ATExpo 2006: Assembly automation firm announces new funding
MagneMotion's QuickStick LSM modular, linear synchronous motor system for assembly automation and material handling combines pallet and vehicle propulsion, positioning, and feedback in a single module.
Acton, MA— More funding for a magnetic levitation technology provider could eventually translate into 80% savings in lifecycle costs for your next conveyor system, according to some estimates. MagneMotion , a developer and manufacturer of assembly automation, material, and transportation systems that use electro-magnetic technology, has secured a $3 million mezzanine round of funding for growth and marketing of its linear synchronous motor (LSM) and core development of its magnetic levitation (MagLev) technologies. The announcement coincided with the firm's participation at the Assembly Technology Expo held last week in Rosemont, IL (near Chicago).
The funding is led by Massachusetts Capital Resource Co. MagneMotion received $2 million in equity and $1 million in subordinated debt financing. The money will be used enhance MagneMotion's products. Recent initiatives include the development of an urban MagLev demonstration system in cooperation with the Federal Transit Administration and an LSM-based weapons transport elevator for the U. S. Navy. MagneMotion's QuickStick LSM propulsion and control system is said to provide a faster, cleaner, and more advanced alternative to conventional methods of assembly automation and material handling.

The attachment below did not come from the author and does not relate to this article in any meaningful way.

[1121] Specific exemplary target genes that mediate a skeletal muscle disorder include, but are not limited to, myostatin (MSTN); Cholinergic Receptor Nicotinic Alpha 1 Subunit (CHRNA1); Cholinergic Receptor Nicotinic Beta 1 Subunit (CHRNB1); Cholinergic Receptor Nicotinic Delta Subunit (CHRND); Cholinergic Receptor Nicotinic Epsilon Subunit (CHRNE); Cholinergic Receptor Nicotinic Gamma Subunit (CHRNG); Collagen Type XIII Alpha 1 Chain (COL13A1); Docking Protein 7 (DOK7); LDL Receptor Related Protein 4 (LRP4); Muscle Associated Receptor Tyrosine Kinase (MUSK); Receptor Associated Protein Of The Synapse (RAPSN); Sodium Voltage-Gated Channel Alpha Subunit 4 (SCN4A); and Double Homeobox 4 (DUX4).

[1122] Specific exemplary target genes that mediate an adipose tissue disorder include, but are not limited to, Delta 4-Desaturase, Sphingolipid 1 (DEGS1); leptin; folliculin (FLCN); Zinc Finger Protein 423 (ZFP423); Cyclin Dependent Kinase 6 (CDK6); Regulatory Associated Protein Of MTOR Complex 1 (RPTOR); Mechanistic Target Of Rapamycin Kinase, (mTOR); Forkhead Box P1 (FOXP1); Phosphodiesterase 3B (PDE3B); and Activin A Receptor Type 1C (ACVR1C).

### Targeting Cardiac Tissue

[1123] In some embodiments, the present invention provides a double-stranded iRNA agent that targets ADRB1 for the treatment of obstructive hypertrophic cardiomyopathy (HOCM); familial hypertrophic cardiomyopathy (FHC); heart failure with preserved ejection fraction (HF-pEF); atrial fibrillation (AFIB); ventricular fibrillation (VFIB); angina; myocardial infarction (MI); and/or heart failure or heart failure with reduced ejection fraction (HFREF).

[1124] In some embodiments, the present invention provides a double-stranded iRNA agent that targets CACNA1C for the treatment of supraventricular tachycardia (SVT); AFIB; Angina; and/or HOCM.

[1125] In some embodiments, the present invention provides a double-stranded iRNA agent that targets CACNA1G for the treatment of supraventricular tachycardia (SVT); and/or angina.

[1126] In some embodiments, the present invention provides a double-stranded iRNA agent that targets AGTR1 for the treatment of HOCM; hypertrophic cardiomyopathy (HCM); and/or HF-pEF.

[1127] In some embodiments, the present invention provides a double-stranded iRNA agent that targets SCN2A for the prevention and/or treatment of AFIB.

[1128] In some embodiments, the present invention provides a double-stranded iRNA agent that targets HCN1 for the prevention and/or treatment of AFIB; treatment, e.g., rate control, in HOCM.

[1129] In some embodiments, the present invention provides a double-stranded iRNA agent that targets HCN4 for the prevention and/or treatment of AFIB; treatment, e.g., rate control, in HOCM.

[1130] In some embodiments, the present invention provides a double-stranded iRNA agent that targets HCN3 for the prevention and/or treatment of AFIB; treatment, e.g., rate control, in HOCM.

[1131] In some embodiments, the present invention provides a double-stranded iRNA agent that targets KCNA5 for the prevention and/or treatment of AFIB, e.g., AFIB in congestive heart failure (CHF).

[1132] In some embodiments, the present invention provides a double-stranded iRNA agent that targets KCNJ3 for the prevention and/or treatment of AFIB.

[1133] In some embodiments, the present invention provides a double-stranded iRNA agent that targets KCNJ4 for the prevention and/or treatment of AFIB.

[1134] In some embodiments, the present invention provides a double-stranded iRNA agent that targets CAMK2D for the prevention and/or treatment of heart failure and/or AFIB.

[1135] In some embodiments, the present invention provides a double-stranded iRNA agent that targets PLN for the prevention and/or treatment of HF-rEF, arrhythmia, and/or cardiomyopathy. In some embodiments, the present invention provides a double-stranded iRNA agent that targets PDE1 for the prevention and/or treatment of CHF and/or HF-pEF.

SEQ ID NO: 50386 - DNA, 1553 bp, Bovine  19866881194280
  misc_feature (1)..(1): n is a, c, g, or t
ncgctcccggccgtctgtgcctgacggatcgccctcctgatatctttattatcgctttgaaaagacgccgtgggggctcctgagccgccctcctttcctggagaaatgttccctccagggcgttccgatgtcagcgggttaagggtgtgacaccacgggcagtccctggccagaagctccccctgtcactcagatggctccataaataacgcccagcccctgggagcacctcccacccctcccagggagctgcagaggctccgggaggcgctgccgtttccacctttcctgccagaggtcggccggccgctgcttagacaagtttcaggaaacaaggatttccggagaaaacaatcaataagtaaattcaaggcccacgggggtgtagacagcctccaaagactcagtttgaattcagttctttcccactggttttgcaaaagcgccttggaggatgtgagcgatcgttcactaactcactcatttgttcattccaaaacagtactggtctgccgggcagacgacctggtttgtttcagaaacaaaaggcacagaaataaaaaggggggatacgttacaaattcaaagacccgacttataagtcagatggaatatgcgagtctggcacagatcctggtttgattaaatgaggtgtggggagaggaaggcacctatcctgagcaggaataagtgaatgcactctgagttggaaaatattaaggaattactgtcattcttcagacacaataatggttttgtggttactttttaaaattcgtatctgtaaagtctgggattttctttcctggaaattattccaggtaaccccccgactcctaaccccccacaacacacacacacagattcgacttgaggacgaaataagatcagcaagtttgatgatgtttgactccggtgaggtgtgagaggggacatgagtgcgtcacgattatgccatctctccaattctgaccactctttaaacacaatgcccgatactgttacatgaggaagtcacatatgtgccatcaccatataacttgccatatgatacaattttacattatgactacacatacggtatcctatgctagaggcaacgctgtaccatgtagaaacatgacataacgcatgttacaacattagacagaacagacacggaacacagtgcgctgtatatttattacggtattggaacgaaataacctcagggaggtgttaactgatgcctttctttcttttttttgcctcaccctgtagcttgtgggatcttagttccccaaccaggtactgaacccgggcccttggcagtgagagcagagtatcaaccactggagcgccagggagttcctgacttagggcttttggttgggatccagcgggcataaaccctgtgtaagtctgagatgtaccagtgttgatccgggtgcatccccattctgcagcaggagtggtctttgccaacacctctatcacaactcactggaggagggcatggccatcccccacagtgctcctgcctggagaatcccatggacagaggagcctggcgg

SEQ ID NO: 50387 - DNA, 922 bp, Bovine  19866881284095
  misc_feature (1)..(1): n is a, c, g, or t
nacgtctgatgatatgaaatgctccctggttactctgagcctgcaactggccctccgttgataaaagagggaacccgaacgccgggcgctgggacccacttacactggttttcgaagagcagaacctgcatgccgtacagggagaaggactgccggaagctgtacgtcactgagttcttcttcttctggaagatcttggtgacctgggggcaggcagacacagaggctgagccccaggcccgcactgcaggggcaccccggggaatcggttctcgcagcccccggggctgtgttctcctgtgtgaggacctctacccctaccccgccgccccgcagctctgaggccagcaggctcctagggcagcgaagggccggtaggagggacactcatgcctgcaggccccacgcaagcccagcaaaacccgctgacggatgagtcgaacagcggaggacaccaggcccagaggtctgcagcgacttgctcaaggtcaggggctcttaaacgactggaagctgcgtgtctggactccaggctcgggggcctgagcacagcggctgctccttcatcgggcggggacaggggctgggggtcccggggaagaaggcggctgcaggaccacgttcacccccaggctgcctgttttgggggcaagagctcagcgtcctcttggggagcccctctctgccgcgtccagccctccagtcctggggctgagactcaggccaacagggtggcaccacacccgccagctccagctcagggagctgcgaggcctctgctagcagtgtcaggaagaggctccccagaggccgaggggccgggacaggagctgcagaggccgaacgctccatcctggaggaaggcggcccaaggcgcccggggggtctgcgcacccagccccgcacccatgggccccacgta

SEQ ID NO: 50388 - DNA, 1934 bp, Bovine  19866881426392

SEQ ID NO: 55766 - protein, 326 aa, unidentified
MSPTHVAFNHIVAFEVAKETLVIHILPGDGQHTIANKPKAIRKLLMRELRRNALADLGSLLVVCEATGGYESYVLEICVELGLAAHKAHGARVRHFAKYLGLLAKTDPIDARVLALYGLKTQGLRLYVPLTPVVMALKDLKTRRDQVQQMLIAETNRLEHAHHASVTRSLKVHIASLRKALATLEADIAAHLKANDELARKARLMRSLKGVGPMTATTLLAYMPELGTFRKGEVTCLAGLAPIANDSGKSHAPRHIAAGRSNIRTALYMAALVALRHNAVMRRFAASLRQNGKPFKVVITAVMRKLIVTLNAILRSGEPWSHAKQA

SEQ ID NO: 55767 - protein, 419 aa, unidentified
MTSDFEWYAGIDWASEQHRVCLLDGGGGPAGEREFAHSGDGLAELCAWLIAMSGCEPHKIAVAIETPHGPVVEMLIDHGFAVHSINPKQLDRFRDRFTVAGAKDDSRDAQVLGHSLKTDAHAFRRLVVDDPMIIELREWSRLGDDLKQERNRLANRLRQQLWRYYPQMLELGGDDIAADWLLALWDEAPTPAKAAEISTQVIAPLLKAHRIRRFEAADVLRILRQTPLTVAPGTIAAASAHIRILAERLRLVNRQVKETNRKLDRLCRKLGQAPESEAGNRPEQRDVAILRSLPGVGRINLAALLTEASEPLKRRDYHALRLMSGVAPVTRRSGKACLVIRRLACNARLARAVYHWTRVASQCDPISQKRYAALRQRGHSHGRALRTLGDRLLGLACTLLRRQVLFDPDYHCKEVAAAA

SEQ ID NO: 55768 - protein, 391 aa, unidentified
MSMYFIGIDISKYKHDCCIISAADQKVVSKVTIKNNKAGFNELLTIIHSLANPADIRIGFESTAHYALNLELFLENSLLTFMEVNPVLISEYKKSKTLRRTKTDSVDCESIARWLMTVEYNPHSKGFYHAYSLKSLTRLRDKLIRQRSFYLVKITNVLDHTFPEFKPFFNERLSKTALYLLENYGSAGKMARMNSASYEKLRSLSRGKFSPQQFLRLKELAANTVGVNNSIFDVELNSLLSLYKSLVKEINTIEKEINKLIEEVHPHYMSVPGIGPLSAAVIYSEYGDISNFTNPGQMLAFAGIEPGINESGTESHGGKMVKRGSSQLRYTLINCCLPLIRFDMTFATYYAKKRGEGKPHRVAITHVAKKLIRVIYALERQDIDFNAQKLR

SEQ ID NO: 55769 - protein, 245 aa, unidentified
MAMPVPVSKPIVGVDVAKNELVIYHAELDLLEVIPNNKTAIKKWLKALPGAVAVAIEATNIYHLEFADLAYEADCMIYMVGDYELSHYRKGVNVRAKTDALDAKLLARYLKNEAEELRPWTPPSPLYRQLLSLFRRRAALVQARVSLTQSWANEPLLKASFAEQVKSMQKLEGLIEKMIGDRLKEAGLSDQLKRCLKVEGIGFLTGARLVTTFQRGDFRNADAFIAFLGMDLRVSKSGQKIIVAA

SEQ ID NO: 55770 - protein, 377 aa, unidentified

MagneMotion's electromagnetic transportation, assembly, and logistics systems use linear synchronous motors and MagLev technology to automate manufacturing and transportation systems. The technology is scalable and adaptable to many applications from small material handling systems and large people movers. Key elements include linear motor propulsion, position sensing, guidance, and control. Less maintenance resulting from fewer moving parts is among the technologies greatest advantages, said Joseph Meagher, MagneMotion's product manager, demonstrating the system on the show floor. Meagher noted one customer in Asia cut costs some 80% replacing a traditional conveyor system with an electromagnetic-based one.
—Control Engineering Daily News Desk
Jeanine Katzel , senior editor
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